Place and buy : Players can buy or place any point number (4, 5, 6, 8, 9, 10) except for the current point by placing their wager in the come area and telling the dealer, "place the 6" or "buy the 8". Both place and buy bets are bets that the number bet on will be rolled before a 7 is rolled. Place bets are paid at odds worse than the true odds, while buy bets are paid at true odds, but a 5% commission is charged. Traditionally, the buy bet commission is paid no matter what, but in recent years a number of casinos have changed their policy to charge the commission only when the buy bet wins. Some casinos charge the commission as a one-time fee to buy the number; payouts are then always at true odds. Most casinos usually charge only $1 for a $25 green-chip bet (4% commission), or $2 for $50 (two green chips), reducing the house advantage a bit more. Where commission is charged only on wins, the commission is often deducted from the winning payoff--a winning $25 buy bet on the 10 would pay $49, for instance. The house edges stated in the table assume the commission is charged on all bets. They are reduced by at least a factor of two if commission is charged on winning bets only.

Lay : A lay bet is the opposite of a buy/place bet, where a player bets on a 7 to roll before the number that is laid. The lay bets pay true odds, but a 5% commission is charged. In some casinos the commission is only charged if the bet wins. Like the buy bet the commission is adjusted to suit the betting unit such that fraction of a dollar payouts are not needed.

Most multi-roll bets are similar to the Come bet above in that the round may be won by the shooter making point before the outcome of the bet is decided. As with the Come bet, these bets are considered "not working" until the next point is established, unless the player calls the bet as "working." Casino rules vary on this; some of these bets may not be callable, while others may be considered "working" during the come-out. If the number placed, bought or laid becomes the new point as the result of a come-out, the bet is usually refunded, or can be moved to another number for free.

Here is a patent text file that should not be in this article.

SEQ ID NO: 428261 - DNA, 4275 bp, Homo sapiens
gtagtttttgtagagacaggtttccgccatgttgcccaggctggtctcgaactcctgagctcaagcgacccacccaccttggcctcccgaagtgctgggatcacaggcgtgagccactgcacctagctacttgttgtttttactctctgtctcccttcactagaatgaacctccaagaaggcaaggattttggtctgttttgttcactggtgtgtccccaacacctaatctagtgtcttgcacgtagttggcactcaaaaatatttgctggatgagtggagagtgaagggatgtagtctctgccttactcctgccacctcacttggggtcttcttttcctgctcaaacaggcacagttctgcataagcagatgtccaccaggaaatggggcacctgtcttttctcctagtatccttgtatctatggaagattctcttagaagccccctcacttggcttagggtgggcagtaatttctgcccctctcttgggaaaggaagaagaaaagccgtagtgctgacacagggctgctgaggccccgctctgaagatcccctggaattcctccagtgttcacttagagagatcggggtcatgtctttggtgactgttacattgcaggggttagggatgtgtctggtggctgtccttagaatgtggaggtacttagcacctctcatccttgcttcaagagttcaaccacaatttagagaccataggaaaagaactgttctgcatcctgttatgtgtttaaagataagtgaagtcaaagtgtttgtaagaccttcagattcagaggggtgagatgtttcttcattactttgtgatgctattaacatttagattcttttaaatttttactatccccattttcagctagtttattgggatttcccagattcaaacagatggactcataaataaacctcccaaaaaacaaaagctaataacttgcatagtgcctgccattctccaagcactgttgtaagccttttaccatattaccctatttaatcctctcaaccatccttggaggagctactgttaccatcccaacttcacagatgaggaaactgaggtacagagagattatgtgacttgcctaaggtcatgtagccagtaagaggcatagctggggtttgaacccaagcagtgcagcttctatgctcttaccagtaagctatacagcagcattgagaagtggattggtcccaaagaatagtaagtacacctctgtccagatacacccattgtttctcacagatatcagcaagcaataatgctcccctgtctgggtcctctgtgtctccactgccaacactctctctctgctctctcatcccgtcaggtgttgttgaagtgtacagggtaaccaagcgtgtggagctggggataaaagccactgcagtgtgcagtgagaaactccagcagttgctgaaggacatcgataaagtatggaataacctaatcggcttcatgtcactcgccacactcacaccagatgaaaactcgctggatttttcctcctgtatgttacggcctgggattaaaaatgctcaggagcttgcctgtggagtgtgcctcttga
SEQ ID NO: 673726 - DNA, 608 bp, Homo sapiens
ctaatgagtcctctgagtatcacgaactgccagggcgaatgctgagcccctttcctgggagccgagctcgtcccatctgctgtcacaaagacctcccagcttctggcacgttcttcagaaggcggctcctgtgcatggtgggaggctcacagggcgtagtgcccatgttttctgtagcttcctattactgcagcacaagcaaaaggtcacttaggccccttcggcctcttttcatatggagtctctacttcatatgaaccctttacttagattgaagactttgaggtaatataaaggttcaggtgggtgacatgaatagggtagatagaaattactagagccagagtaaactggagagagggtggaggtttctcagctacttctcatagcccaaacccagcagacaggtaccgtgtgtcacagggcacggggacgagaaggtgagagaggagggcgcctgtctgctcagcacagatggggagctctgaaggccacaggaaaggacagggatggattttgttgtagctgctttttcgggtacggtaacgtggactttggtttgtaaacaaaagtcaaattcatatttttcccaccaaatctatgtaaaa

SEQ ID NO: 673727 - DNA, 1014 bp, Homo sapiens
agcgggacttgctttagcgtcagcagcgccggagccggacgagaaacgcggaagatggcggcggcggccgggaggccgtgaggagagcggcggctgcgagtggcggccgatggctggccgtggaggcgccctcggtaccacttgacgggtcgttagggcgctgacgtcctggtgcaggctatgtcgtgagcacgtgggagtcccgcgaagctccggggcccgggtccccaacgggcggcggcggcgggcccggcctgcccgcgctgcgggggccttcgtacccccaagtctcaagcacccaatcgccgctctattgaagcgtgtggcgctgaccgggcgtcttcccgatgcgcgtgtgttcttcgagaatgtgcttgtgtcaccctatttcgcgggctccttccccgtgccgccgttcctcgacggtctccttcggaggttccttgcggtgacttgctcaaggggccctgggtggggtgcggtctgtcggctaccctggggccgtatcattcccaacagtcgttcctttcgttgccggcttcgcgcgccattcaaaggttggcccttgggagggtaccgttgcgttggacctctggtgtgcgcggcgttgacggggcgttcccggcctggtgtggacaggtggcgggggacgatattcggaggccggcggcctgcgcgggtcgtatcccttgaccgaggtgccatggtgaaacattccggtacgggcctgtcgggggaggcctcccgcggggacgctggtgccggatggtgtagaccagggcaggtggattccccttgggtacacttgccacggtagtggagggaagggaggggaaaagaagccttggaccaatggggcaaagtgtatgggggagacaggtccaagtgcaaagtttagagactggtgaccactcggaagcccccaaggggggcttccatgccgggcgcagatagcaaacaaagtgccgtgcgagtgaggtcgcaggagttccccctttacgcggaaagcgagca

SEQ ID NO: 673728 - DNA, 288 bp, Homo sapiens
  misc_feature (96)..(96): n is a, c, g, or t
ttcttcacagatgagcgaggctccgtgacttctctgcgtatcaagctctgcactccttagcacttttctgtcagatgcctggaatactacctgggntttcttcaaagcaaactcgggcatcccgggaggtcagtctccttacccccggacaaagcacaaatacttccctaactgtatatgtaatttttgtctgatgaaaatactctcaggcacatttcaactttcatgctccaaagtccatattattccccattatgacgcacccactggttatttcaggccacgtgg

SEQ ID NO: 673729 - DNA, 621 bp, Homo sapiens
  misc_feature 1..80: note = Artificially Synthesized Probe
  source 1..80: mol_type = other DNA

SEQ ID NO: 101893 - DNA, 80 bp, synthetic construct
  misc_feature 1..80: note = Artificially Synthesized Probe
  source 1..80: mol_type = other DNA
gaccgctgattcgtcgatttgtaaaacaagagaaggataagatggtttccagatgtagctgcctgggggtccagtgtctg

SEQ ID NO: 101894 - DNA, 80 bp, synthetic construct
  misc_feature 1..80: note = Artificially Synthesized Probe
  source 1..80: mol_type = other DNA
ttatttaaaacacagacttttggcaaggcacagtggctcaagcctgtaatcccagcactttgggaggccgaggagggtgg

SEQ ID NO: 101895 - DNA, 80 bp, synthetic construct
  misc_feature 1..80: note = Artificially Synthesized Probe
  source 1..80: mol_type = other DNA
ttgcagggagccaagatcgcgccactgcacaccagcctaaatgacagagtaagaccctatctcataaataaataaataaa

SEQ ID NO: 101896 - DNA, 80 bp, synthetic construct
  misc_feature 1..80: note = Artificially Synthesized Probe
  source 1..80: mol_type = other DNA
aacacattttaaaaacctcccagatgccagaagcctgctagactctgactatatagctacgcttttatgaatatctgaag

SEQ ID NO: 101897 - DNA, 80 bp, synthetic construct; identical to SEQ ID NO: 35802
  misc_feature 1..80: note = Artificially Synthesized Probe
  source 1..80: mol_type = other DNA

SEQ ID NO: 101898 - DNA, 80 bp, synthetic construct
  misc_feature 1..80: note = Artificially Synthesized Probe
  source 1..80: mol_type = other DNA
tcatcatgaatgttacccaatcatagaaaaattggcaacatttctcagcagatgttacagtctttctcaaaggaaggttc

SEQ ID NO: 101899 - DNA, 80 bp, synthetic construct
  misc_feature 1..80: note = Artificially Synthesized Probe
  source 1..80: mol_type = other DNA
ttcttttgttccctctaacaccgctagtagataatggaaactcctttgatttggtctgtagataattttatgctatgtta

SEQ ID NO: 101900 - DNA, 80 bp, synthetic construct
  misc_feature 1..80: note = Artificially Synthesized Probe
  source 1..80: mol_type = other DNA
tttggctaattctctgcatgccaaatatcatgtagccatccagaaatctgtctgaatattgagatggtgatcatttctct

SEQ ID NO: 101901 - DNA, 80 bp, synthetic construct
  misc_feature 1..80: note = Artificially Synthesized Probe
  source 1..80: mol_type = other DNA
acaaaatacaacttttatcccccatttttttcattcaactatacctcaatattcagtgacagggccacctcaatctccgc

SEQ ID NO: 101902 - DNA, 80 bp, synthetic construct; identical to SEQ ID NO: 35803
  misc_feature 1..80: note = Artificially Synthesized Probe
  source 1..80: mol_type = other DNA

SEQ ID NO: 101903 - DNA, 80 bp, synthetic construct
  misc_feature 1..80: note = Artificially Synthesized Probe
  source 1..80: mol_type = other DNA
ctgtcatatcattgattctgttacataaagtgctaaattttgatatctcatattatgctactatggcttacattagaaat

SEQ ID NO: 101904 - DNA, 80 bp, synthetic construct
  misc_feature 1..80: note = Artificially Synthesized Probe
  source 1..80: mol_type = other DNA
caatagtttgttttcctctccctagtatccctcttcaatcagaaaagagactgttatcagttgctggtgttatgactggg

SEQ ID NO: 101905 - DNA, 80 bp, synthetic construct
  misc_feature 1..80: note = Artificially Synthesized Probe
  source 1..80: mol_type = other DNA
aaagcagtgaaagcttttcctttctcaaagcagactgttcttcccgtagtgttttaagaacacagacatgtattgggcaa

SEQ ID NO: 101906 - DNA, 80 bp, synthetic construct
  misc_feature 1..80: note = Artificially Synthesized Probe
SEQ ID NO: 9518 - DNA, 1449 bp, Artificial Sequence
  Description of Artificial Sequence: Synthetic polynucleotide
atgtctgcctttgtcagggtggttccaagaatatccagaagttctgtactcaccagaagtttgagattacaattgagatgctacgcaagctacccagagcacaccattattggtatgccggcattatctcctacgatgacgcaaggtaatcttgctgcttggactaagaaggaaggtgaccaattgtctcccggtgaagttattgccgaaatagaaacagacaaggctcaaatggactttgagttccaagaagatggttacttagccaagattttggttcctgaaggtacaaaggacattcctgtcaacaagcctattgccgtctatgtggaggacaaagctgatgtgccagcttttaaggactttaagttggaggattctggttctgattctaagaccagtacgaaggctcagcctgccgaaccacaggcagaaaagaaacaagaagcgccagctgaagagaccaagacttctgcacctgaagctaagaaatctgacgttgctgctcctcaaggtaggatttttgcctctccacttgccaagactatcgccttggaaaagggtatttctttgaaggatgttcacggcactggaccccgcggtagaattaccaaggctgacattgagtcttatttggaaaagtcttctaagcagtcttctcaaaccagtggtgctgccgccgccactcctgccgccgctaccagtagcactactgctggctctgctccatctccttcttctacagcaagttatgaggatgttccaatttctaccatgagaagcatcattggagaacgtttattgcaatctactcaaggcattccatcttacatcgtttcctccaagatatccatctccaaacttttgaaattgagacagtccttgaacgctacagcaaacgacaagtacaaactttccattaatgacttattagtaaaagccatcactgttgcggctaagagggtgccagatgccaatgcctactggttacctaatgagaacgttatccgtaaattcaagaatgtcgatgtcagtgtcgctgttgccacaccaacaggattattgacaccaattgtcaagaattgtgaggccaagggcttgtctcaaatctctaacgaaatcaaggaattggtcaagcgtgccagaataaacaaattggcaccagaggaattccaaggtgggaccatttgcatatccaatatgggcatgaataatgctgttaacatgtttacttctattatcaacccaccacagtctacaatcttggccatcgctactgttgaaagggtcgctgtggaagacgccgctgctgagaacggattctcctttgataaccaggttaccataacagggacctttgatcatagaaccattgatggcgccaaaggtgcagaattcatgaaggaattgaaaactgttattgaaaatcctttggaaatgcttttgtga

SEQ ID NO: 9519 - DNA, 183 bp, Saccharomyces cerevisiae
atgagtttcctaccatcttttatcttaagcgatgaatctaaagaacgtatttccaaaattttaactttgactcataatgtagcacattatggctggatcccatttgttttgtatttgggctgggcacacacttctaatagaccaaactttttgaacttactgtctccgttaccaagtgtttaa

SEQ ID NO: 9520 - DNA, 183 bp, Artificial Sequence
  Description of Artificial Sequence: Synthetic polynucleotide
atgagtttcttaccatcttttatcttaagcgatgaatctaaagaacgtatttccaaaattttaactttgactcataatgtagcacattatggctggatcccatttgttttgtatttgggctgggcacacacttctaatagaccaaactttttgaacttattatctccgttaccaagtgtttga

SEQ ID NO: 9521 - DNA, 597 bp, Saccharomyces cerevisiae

Types of Wagers - Player Bets Fire Bet : Before the shooter begins, some casinos will allow a bet known as a fire bet to be placed. A fire bet is a bet of between 1-5 dollars (the Rio in Las Vegas allows up to $10) in the hopes that the next shooter will have a hot streak of setting and getting many points of different values. As different individual points are made by the shooter, they will be marked on the craps layout with a fire symbol. The first three points will not pay out on the fire bet, but the fourth, fifth and sixth will pay out at increasing odds. The fourth point pays at 25-1 (a maximum of $125 for a $5 bet), the fifth point pays at 250-1 (a maximum of $1,250 for a $5 bet) and the 6th point pays at 1,000-1 (a maximum of $5,000 for a $5 bet). Note that the points must all be different numbers for them to count towards the fire bet. For example, a shooter who successfully hits a point of 10 twice will only garner credit for the first one on the fire bet. ...top

Source material on Craps taken from Wikipedia, The Free Encyclopedia